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COVID-19 – Now is not the time for businesses to be complacent

16 April 2020. Published by Adam Craggs, Partner and Alice Kemp, Associate (Employed Barrister)

On 31 March 2020, the Crown Prosecution Service (CPS) and National Police Chiefs' Council (NPCC) issued guidance(1) on how investigators and prosecutors are proposing to tackle the issuing of new criminal proceedings during 'an unprecedented crisis for the Criminal Justice System in the UK.

Neither the Crown, nor Magistrates Courts are operating 'business as usual' due to the Covid-19 crisis and the requirements of social distancing. The Courts have been quick to adapt to conducting remote hearings, where possible, by way of video link or telephone conference, but these technologies, while welcome, are not always conducive to an efficient trial process. In light of technological limitations, and the very real prospect of an already congested criminal justice system being clogged up further, the CPS and NPCC have identified the following three categories of criminal cases:

  1. immediate;
  2. high priority; and
  3. other cases.

Immediate

There are two broad categories of offending which fall into the Immediate category. Those where a remand in custody is sought following the charging decision, and those cases which are a 'Covid-19 related offence', whether or not a custodial remand is sought. There is no definition of a 'Covid-19 related offence', however, examples given under this heading include assaults on emergency workers, 'Covid-19 dishonesty offences against vulnerable victims' and 'other Covid-19 related offending e.g. fraud'. The rationale given for these offences inclusion in the Immediate category is protection of vulnerable victims and deterrence of future offending. 

Where a prospective Immediate category offence is under consideration, the CPS will advise pre-charge, taking into account the offence proposed to be charged, the risks posed by the offender, and the risk to the victim or the public.

Where an Immediate category offence is charged, the defendant will be placed before the next available Court.

High Priority Cases

Where a custodial remand is not sought, but the offending is serious and bail conditions are required for the protection of the public or for the prevention of further offending, the CPS will prioritise the making of charging decisions, with a long court bail date of 28 days for anticipated guilty pleas (GAP) and 56 days for anticipated not guilty pleas (NGAP).

Other cases

These are cases which are lower priority during the Covid-19 crisis and fall into two broad categories: lengthy and complex ongoing investigations and cases of a less serious nature. In relation to ongoing investigations, particularly those of complex fraud under the prevue of either the SFO or HMRC, the guidance advocates the delaying of the commencement of proceedings until a wider listing plan is in place; potentially involving the creation of a virtual specialist fraud court established to manage such cases.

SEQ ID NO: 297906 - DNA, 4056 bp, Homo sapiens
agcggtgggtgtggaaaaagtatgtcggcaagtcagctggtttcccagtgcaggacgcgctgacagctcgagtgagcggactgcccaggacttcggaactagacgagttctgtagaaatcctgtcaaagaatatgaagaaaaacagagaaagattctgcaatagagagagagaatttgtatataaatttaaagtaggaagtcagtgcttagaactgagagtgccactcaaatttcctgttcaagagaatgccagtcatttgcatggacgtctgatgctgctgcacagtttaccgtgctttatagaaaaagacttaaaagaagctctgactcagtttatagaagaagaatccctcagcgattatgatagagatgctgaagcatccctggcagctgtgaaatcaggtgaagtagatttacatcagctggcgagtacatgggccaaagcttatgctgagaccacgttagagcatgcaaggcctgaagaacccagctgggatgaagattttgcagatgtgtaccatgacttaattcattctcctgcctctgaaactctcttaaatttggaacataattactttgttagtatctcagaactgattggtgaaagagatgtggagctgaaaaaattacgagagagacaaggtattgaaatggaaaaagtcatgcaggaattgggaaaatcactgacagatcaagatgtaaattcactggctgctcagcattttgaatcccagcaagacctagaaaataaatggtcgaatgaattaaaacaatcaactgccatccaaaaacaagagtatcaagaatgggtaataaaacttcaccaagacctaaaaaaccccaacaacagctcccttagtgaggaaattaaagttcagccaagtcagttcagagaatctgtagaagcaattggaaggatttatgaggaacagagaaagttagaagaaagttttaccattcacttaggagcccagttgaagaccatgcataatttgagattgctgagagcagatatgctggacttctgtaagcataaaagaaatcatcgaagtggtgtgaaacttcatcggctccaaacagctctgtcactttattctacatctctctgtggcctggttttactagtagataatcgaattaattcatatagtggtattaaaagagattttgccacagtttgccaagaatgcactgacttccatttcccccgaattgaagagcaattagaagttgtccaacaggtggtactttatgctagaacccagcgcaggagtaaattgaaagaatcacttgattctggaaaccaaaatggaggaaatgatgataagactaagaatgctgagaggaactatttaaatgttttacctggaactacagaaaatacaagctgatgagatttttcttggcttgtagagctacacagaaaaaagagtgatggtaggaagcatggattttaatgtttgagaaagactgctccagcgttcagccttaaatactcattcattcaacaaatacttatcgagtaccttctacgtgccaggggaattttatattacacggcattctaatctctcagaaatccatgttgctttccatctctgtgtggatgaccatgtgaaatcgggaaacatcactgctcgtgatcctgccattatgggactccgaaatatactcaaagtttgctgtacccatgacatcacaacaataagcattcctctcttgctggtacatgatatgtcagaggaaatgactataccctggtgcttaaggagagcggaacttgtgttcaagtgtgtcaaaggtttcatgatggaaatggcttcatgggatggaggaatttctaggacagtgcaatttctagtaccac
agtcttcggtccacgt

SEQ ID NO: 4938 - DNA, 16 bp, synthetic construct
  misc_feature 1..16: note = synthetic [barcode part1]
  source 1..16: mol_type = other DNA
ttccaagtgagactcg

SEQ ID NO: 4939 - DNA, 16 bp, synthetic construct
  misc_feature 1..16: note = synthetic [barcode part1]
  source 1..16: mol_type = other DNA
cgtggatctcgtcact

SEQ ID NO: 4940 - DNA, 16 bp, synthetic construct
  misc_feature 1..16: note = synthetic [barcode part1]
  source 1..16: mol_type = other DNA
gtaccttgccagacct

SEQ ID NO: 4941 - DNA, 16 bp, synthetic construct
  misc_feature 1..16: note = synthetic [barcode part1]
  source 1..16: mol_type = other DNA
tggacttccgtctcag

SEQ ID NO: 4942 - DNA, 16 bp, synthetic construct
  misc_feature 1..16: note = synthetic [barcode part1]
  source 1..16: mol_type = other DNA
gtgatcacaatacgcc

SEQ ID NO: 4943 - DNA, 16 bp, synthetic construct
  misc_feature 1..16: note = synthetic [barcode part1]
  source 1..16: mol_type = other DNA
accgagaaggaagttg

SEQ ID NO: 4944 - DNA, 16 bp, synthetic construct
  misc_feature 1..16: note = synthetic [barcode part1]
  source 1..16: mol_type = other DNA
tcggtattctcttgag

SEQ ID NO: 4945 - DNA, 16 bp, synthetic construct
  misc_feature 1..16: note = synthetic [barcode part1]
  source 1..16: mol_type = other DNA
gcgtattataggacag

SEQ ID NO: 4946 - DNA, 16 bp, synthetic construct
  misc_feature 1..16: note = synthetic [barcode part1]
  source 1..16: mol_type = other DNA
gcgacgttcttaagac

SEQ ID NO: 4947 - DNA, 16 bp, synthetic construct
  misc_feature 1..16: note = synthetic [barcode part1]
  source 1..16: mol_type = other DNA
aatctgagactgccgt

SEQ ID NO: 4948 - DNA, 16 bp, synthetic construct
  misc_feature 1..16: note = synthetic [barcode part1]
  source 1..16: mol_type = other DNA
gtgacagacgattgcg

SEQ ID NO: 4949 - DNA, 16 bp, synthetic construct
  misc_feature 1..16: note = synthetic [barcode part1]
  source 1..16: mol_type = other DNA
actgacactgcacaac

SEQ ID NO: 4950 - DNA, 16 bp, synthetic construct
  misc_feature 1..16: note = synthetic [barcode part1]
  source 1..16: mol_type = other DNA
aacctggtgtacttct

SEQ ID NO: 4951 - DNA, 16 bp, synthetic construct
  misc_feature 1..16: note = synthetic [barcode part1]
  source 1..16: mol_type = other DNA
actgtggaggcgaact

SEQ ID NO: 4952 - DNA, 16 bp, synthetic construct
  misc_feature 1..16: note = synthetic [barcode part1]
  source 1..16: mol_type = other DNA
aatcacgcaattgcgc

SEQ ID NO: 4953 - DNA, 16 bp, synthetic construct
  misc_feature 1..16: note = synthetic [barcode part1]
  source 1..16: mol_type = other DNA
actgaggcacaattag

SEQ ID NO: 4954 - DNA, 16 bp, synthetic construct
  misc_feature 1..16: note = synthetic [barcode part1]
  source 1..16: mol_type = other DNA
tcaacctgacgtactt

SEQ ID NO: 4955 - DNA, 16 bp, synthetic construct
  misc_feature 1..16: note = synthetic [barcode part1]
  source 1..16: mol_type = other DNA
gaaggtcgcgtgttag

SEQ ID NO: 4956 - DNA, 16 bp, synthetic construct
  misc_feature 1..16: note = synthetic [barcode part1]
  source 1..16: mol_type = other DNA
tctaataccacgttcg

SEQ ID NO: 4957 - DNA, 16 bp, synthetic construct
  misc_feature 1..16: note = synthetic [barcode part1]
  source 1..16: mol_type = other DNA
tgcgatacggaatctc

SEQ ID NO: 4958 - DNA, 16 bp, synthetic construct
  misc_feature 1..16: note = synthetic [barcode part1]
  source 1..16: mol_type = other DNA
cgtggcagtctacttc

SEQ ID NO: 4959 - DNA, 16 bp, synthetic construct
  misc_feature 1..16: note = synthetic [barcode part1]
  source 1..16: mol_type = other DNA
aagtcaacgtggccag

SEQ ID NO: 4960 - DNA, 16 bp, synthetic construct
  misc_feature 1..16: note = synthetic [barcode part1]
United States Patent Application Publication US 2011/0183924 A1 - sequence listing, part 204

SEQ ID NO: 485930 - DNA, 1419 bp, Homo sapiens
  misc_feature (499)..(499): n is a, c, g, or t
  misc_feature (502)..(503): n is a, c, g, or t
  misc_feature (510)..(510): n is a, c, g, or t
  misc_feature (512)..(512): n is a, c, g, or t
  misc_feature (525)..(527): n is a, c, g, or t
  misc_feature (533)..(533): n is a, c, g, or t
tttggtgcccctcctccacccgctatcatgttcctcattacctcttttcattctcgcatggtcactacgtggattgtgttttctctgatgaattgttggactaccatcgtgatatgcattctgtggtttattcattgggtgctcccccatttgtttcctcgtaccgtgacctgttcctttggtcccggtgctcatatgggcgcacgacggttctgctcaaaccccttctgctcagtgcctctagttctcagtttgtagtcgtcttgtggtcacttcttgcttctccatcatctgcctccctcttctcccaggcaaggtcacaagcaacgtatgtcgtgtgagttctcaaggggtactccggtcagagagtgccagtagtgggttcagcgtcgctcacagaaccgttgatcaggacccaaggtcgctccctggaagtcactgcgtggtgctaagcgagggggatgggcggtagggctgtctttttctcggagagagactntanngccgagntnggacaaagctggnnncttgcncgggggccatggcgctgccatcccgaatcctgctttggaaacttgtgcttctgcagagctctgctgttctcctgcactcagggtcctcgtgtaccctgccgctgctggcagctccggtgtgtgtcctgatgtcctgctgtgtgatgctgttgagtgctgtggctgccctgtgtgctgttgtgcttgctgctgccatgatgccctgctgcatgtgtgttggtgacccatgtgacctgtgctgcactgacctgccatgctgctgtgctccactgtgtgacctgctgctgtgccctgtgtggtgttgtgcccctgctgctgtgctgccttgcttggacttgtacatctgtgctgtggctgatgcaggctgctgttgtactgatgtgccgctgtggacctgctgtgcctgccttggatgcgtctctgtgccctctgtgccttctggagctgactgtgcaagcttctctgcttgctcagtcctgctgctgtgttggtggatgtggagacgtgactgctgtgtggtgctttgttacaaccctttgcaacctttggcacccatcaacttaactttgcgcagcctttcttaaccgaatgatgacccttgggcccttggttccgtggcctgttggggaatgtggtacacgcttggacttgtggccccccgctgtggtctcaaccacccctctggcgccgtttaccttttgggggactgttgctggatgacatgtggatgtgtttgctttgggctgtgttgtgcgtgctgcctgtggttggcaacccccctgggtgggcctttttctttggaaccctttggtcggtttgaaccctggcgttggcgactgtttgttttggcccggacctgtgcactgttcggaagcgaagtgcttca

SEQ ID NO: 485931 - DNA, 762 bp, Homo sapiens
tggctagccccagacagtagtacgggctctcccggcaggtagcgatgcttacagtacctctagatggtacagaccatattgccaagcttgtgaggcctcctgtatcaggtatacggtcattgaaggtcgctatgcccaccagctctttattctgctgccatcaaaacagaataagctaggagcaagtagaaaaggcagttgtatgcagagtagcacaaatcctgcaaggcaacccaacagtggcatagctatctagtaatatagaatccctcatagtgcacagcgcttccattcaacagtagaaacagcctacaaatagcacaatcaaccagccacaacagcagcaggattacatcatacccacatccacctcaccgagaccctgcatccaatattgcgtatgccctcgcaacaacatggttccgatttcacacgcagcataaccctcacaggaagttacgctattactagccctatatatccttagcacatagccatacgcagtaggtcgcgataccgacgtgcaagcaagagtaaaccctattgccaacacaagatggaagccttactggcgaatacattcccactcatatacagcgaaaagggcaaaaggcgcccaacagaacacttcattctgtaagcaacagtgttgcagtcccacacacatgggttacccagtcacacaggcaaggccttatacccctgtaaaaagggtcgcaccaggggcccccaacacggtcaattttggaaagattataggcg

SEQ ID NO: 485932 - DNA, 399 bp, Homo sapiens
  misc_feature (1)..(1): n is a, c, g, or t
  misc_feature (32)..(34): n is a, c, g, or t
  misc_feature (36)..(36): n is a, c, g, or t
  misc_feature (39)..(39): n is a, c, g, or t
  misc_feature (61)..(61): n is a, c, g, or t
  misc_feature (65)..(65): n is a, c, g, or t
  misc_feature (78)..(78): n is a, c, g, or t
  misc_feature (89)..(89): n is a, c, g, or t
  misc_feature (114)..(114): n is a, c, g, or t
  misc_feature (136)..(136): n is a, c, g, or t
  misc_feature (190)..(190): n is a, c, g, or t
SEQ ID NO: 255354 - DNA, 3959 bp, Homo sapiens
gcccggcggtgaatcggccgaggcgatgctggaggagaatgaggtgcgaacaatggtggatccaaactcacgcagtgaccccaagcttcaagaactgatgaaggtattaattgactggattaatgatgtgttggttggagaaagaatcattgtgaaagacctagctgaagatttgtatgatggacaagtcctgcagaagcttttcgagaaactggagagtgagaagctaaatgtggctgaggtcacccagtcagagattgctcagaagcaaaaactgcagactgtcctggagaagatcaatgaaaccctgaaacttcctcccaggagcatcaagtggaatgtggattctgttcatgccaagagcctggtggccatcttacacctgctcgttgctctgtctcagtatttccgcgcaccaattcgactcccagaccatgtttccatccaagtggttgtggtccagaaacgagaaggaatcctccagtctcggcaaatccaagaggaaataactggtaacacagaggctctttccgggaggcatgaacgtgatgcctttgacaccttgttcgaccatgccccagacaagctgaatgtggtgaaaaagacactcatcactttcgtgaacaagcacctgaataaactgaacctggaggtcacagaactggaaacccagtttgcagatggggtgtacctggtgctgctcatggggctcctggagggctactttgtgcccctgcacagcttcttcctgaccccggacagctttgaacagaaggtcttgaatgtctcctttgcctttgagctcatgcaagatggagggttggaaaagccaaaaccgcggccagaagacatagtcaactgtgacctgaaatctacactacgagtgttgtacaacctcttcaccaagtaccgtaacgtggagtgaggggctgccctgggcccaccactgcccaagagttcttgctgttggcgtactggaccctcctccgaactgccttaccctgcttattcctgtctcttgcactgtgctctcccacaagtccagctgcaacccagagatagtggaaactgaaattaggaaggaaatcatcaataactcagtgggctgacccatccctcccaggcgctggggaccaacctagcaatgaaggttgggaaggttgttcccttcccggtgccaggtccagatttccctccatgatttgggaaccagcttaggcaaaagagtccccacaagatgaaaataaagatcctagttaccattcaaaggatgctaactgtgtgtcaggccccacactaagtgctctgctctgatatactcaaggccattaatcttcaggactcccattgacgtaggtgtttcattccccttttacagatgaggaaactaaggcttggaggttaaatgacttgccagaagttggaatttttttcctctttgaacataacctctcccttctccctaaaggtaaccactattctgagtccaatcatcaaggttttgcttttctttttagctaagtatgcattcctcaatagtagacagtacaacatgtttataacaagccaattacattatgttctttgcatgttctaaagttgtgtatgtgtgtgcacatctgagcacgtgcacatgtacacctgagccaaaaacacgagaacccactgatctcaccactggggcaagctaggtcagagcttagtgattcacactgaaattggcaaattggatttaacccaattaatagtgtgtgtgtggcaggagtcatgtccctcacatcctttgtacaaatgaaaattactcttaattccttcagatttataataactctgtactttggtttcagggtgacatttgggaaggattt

Anecdotally, it has been reported that HMRC have been contacting taxpayers under enquiry to advise that, due to the current lockdown, HMRC are not requesting further information, nor pressing for responses to enquiries already underway.

While to some, this news may be welcome, when combined with the prosecutors' focus on charging Covid-19 offending (specifically Covid-19 fraud and dishonesty offending) and the recent comments of Jim Harra, HMRC's Chief Executive, regarding the potential for the abuse of the Coronavirus protection package announced by Chancellor Rishi Sunak2 and the greater powers provided to HMRC under section 76 of the Coronavirus Act 20203, HMRC's 'reprieve' starts to  resemble a temporary re-deploying of resources.

Businesses may wish to take advantage of this temporary reprieve by:

  1. ensuring that they are well prepared to respond to any resumed HMRC's enquiries once HMRC recommence their normal activities, as it is unlikely that HMRC will look favourably on requests for extensions of time once the Covid-19 crisis is over; and
  2. ensuring that they have properly documented policies, procedures and risk assessments in place concerning the accessing of any part of the Coronavirus protection package.

 

1 Coronavirus: Interim CPS Charging Protocol between the National Police Chiefs' Council and Crown Prosecution Service – protocol

2 See here for more information

3 HMRC are to have such functions as the Treasury may direct in relation to coronavirus or coronavirus disease.